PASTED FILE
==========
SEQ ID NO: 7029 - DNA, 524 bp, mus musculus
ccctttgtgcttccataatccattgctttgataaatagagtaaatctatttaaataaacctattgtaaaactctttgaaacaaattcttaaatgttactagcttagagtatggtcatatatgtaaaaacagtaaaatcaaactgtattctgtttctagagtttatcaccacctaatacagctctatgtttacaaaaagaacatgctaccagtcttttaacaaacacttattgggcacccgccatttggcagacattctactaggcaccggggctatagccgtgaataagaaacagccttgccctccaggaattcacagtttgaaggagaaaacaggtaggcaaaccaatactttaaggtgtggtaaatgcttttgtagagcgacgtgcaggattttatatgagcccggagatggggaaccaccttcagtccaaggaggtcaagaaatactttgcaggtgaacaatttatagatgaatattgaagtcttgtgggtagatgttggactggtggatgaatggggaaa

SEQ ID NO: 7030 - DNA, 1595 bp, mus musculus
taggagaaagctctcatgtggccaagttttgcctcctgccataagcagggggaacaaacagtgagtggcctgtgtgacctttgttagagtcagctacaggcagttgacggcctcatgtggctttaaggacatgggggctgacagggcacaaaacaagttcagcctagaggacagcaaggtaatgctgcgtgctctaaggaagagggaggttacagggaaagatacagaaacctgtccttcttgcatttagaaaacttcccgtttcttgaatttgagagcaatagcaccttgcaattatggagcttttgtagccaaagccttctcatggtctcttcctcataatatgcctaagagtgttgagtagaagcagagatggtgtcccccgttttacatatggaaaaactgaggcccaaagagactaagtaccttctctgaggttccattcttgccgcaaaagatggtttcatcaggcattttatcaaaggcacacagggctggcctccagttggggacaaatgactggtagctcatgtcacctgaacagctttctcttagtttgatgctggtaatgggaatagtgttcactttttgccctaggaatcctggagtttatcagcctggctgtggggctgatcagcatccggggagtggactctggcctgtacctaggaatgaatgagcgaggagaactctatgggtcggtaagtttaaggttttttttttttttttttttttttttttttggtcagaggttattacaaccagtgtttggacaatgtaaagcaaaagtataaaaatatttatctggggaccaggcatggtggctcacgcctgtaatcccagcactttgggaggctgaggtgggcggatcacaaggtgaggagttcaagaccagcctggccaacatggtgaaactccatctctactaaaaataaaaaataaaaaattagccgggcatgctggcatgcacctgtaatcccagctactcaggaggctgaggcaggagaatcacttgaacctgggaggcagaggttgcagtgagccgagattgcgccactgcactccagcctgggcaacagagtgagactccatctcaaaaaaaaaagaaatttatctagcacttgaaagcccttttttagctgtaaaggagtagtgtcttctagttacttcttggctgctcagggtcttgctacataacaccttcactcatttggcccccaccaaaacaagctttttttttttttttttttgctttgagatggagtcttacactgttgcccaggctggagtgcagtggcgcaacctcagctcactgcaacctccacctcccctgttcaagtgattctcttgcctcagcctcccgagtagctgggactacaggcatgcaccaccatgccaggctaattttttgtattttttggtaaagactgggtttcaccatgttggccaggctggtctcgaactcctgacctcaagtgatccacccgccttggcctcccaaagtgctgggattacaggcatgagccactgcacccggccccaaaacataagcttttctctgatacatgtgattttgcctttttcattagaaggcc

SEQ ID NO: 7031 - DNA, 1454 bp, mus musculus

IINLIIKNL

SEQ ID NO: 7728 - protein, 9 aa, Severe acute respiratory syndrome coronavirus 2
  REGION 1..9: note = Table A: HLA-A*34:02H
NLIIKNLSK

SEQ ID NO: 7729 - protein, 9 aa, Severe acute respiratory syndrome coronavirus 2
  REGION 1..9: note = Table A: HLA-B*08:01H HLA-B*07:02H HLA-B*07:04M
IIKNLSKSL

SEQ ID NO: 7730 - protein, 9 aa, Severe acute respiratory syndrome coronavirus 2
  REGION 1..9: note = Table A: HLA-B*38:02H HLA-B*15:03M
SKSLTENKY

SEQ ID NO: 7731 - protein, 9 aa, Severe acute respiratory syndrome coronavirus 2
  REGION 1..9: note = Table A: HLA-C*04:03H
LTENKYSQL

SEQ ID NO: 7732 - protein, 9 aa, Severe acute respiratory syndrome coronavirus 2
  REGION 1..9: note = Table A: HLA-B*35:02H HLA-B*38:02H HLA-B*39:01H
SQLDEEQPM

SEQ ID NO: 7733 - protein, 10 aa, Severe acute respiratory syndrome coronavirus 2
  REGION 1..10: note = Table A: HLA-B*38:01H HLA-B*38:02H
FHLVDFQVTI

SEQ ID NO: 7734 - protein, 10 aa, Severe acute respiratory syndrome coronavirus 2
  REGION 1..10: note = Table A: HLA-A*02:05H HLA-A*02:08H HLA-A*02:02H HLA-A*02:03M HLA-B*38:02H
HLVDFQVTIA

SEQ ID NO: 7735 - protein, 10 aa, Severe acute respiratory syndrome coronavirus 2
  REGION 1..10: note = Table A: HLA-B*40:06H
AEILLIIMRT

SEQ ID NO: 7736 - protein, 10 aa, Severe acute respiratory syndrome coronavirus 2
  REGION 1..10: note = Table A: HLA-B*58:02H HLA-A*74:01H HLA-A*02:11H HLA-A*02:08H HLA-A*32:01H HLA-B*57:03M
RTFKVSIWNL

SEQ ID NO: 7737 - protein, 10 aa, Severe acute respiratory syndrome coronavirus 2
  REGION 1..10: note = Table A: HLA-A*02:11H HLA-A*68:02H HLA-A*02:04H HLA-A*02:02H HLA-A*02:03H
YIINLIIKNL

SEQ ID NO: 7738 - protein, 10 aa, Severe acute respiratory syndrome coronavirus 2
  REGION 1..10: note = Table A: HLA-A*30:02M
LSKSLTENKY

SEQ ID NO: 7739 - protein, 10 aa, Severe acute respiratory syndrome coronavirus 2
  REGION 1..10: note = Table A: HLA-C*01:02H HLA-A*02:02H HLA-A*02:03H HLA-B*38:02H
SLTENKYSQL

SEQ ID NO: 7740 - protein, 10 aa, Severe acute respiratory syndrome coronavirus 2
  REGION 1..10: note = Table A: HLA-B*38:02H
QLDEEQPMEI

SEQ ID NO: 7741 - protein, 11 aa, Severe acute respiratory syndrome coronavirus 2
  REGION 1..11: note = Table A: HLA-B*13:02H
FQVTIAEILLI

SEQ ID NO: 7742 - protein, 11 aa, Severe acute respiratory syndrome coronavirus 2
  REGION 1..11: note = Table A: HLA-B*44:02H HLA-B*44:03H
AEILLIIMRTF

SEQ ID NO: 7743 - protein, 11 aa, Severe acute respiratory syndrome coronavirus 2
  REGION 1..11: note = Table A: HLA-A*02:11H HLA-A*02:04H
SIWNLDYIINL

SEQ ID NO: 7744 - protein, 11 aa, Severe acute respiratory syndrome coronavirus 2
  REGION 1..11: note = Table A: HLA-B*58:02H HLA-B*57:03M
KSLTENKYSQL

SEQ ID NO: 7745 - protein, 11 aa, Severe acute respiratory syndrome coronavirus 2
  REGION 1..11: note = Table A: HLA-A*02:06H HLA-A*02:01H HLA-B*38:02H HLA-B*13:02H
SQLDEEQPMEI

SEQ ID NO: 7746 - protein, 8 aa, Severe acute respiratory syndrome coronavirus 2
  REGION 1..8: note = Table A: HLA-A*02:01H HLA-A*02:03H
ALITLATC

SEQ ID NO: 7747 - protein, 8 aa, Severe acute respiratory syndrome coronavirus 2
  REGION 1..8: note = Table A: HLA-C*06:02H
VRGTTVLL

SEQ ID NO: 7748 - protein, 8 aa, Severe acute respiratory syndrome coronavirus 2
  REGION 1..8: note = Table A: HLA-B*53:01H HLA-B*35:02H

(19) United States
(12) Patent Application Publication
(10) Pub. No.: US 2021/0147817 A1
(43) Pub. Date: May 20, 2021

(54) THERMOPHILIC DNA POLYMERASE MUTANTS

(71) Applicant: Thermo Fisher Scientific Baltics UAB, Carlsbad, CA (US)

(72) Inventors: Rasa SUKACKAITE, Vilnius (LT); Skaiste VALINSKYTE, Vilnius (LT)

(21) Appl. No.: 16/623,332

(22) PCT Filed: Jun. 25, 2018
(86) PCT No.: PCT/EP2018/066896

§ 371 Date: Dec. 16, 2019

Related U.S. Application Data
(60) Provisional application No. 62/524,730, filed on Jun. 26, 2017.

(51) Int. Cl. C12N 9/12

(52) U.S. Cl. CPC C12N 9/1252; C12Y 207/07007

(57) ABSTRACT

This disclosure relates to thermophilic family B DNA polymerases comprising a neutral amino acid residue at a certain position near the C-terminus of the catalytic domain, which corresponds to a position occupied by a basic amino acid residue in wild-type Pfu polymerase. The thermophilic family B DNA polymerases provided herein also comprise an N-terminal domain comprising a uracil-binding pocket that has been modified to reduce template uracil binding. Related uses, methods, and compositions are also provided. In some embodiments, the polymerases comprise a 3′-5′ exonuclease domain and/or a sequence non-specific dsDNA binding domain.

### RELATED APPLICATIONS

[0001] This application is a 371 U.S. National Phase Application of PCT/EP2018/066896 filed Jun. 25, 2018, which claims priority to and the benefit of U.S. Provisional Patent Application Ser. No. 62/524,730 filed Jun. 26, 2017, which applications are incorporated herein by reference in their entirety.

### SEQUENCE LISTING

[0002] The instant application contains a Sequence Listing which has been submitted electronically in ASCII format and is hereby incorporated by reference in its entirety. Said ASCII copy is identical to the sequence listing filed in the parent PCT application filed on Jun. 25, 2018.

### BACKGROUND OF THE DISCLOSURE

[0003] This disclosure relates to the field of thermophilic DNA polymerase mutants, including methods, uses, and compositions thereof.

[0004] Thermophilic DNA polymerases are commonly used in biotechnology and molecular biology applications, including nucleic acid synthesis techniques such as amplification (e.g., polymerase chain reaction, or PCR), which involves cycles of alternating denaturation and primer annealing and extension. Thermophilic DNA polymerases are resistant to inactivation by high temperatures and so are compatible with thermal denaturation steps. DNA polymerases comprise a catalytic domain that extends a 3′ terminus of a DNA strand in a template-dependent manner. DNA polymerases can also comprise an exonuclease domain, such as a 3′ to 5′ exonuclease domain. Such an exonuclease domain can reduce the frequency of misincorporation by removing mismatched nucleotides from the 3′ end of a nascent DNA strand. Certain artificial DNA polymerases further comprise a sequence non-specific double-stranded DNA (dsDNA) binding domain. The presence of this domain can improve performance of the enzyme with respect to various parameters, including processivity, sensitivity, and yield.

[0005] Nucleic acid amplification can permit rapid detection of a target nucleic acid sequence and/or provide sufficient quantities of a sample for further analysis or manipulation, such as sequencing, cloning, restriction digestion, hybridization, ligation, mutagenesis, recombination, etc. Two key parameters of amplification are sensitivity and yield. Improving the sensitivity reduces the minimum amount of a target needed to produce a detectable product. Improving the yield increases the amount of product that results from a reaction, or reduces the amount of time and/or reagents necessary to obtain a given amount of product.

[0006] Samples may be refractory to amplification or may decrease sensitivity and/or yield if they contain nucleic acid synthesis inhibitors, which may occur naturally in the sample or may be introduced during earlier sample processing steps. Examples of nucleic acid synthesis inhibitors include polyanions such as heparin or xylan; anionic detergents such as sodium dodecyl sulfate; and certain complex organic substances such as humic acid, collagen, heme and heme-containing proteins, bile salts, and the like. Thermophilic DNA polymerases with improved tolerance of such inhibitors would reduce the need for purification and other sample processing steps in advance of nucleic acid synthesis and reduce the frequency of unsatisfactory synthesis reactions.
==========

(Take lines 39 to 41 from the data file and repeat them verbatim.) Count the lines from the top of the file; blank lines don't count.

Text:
LSKSLTENKY

SEQ ID NO: 7739 - protein, 10 aa, Severe acute respiratory syndrome coronavirus 2
  REGION 1..10: note = Table A: HLA-C*01:02H HLA-A*02:02H HLA-A*02:03H HLA-B*38:02H